This story is beautifully told. Performances are solid and realistic, and this is aided by a tight and relevant script. Despite the often sad and distressing subject matter, the line between story-telling and voyeurism is never crossed, and emotion is delivered with realism and is never mawkish.
Kristin Scott Thomas deserves a special mention, as does Melusine Mayance who played Sarah as a child. Both performances drew me in to engage with the story at close range.
If I could give this 12 out of 10 I would!
Äideistä parhain (2005)
Exquisite tale from WW2
Having only just finished watching this film, I can say that I consider it to be the most emotionally authentic story I have viewed in a very long time. This is a truly beautiful film, and I was not in any way distracted by having to follow the story by reading sub-titles. All actors are to be commended for their performances, but special mention must go to child actor Topi Majaniemi for an outstanding performance as Eero, the child who is sent by his Finnish mother to Sweden for the remainder of the war. He is in almost every scene - a big ask for a child - and he never ever wavers; I hope we see more of him in the future.
As well as Majaniemi, special mention also must go to Maria Lundqvist, who played the child's troubled foster mother, and also Michael Nyqvist (who can do no wrong IMO) as the kindly, but often out-of-his-depth foster father, and the one to first befriend Eero in his foreign environment. All three actors give such realistic performances that I kept forgetting that I was watching a work of fiction, albeit based upon true stories. I felt that I was being allowed into this private world of these people trying to find their way through a situation none of them asked for, and so I had better be quiet and respectful.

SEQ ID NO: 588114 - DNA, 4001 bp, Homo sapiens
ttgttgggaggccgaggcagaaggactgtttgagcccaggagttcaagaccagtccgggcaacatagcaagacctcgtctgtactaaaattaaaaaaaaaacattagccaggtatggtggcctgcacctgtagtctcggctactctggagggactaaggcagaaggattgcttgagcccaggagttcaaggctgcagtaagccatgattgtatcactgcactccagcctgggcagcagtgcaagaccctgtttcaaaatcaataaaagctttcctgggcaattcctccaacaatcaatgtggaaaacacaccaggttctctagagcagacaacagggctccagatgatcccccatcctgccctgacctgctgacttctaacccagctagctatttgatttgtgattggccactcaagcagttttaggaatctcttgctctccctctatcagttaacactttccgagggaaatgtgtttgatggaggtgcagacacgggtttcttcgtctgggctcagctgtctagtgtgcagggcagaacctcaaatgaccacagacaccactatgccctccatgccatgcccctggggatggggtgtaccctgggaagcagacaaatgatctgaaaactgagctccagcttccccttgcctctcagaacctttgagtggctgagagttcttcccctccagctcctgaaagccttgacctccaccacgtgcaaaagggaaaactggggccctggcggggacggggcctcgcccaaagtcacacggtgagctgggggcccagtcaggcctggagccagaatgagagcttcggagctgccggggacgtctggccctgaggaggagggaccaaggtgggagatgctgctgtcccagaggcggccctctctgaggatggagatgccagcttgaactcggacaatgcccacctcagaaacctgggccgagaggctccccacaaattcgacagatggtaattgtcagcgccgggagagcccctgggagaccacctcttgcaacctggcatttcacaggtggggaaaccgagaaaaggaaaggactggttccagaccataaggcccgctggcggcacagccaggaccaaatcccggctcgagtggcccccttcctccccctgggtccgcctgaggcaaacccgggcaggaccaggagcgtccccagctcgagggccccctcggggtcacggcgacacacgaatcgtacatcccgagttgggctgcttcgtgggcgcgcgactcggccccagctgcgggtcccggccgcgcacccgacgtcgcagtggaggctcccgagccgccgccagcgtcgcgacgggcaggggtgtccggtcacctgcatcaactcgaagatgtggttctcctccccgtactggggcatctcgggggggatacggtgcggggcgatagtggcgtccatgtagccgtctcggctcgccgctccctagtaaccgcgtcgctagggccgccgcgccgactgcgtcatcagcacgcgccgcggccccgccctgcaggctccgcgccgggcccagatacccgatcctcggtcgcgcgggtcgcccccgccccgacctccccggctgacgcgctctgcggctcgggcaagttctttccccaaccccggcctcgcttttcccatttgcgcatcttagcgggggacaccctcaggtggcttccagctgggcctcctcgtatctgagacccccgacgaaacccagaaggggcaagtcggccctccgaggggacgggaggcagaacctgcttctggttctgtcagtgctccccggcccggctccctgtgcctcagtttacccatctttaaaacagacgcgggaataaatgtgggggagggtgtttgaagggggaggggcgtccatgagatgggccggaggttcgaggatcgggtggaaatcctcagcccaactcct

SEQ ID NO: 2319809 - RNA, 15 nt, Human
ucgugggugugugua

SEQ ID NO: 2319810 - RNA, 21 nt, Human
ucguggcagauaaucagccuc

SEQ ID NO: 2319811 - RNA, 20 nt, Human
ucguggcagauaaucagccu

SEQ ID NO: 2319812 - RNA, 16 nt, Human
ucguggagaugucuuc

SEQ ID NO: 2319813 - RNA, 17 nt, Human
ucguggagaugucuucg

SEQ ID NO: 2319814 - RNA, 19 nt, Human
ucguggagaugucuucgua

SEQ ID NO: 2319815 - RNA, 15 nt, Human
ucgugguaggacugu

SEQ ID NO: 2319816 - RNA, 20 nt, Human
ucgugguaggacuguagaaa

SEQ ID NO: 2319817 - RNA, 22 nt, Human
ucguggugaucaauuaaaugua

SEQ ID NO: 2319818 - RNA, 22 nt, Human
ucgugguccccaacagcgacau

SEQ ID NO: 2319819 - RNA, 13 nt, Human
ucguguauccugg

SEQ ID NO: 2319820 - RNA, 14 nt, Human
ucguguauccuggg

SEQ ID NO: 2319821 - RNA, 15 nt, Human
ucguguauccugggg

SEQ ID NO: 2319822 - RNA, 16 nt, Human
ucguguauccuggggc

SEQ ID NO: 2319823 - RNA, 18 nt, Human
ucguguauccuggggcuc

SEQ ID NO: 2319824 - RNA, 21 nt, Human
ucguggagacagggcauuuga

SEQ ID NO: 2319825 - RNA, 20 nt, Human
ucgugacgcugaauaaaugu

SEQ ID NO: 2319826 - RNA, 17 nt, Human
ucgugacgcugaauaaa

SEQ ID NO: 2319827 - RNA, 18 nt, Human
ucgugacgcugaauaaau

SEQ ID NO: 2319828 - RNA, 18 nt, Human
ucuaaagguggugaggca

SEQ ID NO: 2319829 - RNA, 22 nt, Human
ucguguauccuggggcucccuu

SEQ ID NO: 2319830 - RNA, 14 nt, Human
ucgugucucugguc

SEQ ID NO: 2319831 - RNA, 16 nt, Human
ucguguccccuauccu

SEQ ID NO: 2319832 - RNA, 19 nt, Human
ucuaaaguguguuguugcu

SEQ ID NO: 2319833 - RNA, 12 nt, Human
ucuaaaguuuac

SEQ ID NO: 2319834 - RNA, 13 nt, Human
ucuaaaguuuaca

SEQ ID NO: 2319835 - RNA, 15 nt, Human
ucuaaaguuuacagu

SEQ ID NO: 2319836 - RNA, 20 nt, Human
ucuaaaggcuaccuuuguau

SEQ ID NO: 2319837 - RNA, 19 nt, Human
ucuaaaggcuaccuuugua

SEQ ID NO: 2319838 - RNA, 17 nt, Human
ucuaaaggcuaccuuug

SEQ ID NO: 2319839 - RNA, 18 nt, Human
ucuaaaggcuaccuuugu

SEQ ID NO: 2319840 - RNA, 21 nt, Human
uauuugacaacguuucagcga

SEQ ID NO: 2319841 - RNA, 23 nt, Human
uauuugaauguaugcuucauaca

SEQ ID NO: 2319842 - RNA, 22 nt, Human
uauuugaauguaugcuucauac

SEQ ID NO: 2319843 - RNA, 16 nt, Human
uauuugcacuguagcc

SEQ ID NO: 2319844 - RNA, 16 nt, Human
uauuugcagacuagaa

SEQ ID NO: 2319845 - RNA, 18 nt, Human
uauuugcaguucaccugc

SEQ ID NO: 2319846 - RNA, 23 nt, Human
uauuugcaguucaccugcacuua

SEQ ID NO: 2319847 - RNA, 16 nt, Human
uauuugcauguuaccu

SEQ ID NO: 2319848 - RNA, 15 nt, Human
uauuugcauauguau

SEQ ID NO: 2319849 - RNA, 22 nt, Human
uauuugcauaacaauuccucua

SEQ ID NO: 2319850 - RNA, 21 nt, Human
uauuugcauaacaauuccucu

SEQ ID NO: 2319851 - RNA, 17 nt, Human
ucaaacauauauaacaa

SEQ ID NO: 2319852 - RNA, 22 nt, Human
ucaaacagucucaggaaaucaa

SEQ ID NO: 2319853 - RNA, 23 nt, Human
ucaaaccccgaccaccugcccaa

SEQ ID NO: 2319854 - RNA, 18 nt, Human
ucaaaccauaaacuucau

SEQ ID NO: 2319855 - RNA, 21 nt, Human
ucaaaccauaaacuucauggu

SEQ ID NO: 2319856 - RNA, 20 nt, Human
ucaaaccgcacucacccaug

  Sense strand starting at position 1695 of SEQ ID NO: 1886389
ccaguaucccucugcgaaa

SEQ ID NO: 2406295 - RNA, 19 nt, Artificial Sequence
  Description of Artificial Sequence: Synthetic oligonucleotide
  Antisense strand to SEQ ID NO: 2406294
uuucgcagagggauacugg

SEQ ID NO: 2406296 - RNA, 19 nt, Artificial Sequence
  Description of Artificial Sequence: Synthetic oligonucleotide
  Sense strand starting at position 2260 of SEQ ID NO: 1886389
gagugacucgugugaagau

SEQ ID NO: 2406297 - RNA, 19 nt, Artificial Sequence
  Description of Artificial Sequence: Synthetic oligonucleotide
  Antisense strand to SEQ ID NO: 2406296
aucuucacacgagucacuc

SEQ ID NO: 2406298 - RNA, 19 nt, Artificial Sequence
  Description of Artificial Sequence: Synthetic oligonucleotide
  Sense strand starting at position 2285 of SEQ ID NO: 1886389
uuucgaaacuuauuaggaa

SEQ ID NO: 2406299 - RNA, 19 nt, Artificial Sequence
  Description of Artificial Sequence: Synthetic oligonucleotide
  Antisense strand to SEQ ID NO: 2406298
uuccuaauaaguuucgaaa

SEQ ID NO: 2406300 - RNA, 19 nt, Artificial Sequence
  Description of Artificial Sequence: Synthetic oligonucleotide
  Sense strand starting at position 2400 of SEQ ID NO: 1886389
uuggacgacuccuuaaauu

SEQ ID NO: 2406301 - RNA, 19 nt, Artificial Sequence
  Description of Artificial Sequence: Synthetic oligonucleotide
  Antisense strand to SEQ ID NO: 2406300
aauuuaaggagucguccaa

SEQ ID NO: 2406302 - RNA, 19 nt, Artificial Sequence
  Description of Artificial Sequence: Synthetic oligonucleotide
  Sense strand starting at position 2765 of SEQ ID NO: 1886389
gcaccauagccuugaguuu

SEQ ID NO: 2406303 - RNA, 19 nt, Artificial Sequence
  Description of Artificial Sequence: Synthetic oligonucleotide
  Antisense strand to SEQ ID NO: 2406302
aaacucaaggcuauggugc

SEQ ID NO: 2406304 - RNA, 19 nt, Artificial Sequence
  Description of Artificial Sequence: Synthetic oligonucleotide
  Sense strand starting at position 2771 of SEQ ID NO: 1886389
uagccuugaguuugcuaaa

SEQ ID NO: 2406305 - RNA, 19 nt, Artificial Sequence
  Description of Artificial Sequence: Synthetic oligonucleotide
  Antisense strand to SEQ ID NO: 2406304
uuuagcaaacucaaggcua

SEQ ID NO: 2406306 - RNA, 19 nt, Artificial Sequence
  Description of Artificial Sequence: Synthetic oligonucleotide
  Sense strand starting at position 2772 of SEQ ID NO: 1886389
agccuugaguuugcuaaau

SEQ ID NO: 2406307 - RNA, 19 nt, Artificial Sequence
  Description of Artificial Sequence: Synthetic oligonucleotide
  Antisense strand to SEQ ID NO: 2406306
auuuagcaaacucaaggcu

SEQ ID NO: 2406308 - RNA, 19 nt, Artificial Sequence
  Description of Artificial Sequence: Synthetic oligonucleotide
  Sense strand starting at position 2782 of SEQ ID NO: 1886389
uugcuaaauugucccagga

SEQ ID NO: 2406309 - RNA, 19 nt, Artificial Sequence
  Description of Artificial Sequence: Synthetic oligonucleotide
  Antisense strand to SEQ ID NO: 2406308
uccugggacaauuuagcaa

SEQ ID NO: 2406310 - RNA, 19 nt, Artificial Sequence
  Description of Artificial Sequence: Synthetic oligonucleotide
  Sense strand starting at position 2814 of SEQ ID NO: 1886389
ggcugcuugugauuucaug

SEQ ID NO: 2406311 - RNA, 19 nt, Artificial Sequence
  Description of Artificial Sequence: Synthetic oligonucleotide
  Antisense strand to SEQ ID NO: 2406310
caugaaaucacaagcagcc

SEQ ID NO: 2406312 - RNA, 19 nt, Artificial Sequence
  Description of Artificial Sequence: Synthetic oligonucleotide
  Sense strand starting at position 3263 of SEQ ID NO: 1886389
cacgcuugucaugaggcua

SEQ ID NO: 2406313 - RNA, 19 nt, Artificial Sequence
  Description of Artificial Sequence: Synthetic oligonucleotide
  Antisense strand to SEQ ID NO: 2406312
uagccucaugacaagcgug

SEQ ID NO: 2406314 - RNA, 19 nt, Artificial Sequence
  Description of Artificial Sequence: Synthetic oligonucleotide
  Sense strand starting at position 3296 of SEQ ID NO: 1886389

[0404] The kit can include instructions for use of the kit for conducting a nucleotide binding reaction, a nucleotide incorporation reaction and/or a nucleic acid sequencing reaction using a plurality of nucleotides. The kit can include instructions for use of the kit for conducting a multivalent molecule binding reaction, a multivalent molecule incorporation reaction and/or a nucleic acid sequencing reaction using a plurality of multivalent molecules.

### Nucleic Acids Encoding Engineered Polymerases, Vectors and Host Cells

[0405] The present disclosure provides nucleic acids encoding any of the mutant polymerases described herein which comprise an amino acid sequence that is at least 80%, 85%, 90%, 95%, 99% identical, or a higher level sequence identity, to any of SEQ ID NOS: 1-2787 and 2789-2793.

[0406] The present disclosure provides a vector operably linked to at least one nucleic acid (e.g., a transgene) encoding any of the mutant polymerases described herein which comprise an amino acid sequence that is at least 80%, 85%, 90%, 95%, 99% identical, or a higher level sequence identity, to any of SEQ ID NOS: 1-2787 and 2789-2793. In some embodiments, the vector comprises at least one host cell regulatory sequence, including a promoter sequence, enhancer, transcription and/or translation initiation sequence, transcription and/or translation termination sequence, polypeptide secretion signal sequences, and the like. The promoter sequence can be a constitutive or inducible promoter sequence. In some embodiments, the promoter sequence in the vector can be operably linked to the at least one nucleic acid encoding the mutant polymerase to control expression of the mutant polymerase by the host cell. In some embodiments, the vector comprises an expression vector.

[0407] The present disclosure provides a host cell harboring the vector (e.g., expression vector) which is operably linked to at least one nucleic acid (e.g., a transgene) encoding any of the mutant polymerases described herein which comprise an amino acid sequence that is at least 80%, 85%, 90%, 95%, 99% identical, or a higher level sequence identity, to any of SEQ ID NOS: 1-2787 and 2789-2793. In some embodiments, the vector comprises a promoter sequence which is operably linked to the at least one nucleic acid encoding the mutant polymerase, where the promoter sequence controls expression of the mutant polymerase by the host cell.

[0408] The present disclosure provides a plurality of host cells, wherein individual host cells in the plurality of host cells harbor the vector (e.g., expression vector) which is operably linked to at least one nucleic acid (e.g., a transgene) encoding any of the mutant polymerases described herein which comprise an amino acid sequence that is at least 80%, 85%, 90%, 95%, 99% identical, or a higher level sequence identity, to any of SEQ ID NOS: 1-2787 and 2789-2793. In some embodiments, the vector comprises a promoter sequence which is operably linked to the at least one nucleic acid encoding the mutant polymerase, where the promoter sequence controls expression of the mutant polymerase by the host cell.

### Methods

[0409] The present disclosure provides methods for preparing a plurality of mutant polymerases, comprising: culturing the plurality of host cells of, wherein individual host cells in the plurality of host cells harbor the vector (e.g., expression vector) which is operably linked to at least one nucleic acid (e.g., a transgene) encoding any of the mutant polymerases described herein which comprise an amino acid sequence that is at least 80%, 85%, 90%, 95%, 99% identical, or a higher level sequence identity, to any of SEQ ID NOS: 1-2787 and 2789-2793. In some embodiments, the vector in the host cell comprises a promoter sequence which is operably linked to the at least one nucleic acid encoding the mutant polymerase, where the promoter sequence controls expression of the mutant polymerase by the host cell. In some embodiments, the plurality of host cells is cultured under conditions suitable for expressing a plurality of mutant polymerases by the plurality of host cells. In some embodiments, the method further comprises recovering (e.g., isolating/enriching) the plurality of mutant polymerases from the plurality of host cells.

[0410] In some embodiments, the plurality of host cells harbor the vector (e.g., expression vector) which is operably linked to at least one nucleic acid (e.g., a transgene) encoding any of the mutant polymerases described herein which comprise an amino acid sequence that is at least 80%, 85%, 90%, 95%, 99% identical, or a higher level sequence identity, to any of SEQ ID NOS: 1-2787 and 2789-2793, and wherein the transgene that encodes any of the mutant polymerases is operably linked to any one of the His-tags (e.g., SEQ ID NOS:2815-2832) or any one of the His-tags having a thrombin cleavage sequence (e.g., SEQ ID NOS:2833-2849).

And this is beautiful to watch, set chiefly in coastal rural Sweden, complete with rolling green hills and white-washed buildings. Cinematography and Direction of this film as so flawless as to be invisible; the film just flows gently, but is never ever boring.
Just one piece of advice........have some tissues handy, as it is an emotional journey, but without any of the emotional manipulation found in many English-speaking movies.
I give it 12 stars!
Worth viewing just to hear Kelly's accent!!!
This is about more than kids gaining super powers after an electrical storm. When I first began watching this I thought it was like "Being Human", but for a younger audience...........wrong!! This show is for everyone.
The 5 lead characters appear somewhat stereo-typed at first viewing: irresponsible, annoying eternal-child Nathan; aspiring athlete with a conscience, Curtis; beautiful-but-slutty Alisha; aggro girl-with-attitude, Kelly; socially awkward geek, Simon. Throw in a handful of 'authority' figures, and you have an interesting set of conflicts and decisions to be made.